Getting my students to complete the course readings is one of the biggest challenges I face as an instructor. I know that there are many debates about the effectiveness of a textbook, but I have found that most students feel comfortable with a text because it provides general information in chronological order that helps them developing a grounding for the course. (I know this because every semester I ask my classes if they want to use a textbook). Thankfully my institution offers a book for only five dollars. Now, how do I get them to read it?
Several years ago I began assigning a daily journal entry. The project has changed over the years, but the core objectives remain intact. First, the journal introduces the students to the reading material before they arrive in class. Second, it helps them to develop a foundational knowledge of United States history. Third, the assignment provides my students with some talking points that they can use during class discussions. This means that students who are typically hesitant to speak have some knowledge of the material and feel comfortable sharing their findings. Finally, the journal helps each individual to improve h/er reading and note-taking skills.
My syllabus lists the reading assignment for each class. The students are directed to complete a separate journal entry for each reading. The journal is simple. Each student is to “outline” or “take notes” on the assigned reading. On the first day, I demonstrate on the whiteboard one way I would take notes on a section from the passage. Together, the class and I read the first section of the text and then discuss what the most important takeaways from the reading are. I then list these in outline format complete with details (like names, dates, places and other relevant information) on the board. I tell the students this is one way to take notes, but not the only way. I don’t want them to feel pressured into following my example; instead, I want each one of them to find a note-taking strategy that works for them.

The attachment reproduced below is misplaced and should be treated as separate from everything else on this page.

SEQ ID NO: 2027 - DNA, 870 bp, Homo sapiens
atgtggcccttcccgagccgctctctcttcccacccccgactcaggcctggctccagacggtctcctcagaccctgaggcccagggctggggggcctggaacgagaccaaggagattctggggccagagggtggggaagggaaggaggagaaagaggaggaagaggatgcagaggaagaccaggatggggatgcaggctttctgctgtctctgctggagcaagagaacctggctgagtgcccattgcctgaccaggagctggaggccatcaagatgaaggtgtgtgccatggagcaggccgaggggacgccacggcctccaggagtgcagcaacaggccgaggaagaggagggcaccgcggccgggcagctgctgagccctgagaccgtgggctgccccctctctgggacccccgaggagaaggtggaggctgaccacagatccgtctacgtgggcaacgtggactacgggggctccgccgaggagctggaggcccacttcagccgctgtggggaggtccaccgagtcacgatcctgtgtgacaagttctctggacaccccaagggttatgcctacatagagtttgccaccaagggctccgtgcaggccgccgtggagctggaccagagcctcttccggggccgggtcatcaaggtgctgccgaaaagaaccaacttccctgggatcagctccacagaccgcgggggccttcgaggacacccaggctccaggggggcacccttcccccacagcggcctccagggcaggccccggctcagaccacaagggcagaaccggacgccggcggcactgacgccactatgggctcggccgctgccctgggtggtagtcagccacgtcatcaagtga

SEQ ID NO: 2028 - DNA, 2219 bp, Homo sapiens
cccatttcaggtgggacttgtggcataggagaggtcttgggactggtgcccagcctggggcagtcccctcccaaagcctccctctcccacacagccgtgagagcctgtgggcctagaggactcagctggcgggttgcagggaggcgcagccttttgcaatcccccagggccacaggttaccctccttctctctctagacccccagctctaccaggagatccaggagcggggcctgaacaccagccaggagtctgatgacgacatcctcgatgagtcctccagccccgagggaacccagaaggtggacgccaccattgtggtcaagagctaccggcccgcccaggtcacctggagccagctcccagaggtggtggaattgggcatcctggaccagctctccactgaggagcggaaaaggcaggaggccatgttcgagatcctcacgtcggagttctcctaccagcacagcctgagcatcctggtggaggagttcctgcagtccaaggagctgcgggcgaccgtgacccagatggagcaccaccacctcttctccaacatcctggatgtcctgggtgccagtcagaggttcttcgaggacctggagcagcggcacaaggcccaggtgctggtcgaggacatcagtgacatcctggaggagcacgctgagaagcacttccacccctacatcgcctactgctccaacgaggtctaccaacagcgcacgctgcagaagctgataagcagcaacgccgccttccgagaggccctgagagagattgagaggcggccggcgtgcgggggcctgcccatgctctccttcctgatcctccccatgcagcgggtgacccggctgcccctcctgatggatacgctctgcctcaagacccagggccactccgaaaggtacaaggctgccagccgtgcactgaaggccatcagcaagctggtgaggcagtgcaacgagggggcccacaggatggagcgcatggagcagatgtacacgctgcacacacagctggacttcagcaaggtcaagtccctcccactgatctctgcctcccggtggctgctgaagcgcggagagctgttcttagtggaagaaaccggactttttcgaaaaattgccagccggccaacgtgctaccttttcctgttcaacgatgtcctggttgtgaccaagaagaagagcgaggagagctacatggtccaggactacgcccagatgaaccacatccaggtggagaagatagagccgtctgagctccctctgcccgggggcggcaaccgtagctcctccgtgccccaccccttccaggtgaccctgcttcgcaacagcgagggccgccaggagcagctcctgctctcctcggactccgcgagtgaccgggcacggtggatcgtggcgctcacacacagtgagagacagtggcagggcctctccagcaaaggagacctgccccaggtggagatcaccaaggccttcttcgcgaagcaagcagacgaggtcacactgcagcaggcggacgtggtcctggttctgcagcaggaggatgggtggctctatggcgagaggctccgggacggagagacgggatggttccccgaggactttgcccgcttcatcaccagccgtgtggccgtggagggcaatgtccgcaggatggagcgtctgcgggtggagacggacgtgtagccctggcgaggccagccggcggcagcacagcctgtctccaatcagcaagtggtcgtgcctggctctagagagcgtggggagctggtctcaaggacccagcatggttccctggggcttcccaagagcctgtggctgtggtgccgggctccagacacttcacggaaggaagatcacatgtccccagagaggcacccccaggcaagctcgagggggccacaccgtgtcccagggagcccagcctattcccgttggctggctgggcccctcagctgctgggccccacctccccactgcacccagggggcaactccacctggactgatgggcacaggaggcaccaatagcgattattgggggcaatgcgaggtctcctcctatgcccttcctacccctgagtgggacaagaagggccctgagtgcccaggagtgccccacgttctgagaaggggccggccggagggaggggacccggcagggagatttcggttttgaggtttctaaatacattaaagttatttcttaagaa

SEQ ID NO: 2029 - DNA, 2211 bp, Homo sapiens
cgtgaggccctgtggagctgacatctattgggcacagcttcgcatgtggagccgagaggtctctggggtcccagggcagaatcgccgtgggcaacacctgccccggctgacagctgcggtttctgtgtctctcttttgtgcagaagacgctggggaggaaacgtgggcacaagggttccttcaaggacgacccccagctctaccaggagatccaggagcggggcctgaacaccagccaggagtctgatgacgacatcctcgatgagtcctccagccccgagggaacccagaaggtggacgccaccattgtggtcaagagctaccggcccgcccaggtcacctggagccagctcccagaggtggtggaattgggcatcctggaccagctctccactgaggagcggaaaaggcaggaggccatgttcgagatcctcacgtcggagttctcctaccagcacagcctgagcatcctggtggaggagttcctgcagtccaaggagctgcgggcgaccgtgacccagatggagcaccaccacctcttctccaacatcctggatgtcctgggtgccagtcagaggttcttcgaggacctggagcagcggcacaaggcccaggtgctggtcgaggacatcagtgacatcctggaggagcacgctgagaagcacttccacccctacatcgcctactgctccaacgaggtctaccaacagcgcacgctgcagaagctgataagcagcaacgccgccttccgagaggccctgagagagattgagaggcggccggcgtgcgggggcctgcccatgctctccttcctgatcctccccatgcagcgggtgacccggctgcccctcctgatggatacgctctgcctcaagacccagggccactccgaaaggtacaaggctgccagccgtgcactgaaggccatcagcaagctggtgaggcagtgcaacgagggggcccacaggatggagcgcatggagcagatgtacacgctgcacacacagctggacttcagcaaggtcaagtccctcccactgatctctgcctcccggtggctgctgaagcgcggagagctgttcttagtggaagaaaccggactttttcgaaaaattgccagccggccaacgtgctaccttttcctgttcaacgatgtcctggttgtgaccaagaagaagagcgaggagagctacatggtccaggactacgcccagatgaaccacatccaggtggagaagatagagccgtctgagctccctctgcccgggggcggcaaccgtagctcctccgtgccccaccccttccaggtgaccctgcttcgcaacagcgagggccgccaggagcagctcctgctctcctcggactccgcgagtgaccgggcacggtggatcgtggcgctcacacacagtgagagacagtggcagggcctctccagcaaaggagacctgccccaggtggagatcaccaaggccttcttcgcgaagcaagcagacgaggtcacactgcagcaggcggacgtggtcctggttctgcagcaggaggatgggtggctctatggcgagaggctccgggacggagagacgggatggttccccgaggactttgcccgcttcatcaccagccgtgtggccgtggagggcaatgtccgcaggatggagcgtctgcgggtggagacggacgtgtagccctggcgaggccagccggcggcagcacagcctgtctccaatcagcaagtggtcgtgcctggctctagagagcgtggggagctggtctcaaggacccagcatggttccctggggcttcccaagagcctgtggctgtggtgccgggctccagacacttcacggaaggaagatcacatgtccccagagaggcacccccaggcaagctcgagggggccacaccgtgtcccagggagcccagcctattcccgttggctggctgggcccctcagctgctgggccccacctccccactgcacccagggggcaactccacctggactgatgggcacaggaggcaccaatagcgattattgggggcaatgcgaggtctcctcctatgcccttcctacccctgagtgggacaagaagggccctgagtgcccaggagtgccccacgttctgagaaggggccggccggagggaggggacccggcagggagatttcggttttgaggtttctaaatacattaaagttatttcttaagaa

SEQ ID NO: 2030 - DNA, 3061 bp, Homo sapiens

The journal assignment is due at the beginning of each class. I almost always assign an in-class group activity that takes roughly ten to fifteen minutes. During this time, I walk around the class and ask the students to see their journal entries. If they have one completed, they get an automatic ten points. I don’t proofread or scrutinize. I just check to see if the journal assignment is present in their notebook.
One of the most valuable takeaways from this project is that the students learn effective note-taking and reading strategies early in their educational career. I know that there are many reasons why students do not like to read or take notes, and I have found that one cause is because they feel overwhelmned by the language or find note-taking too time consuming. Every semester I hear from at least one student that it took h/im five hours to take notes on one reading! This, of course, is frustrating and may prevent an individual from completing future readings and put them behind in the course. When I studnet tells me s/he is struggling, I sit with the student and to look through h/er notes to figure out what can be eliminated to make the process shorter. During that first two weeks, I also encourage them to find ways to reduce the amount of time they spend reading and note-taking and offer tips. I reassure them that at first note-taking can be time-consuming, but it gets easier with practice. I explain to them that this assignment challenges them to reflect on their habits and to develop a more productive way to record information with little pressure. It only takes a couple of weeks for the majority of the students to hone their skills.
The journal also provides students with a project where they can apply their creativity. Since I do not require a specific note-taking format, I find that many students try out new techniques. Some experiment with color-coding, others with fancy handwriting. I have had students use sticky note tabs, three-ring binders, and foldout timelines. Last semester a student chose to draw pictures in her notebook to see if they would help her to retain information. This semester I have a student who color-codes her work. I will share a picture of one of her entries with permission from the author/artist:
I am not going to lie; by the end of the semester, the students are as sick of completing journal entries as I am of checking them! Yet, there is value in this project. In addition to gaining a general knowledge of American history, my students also develop skills needed to succeed as a student in upper-divisional classes.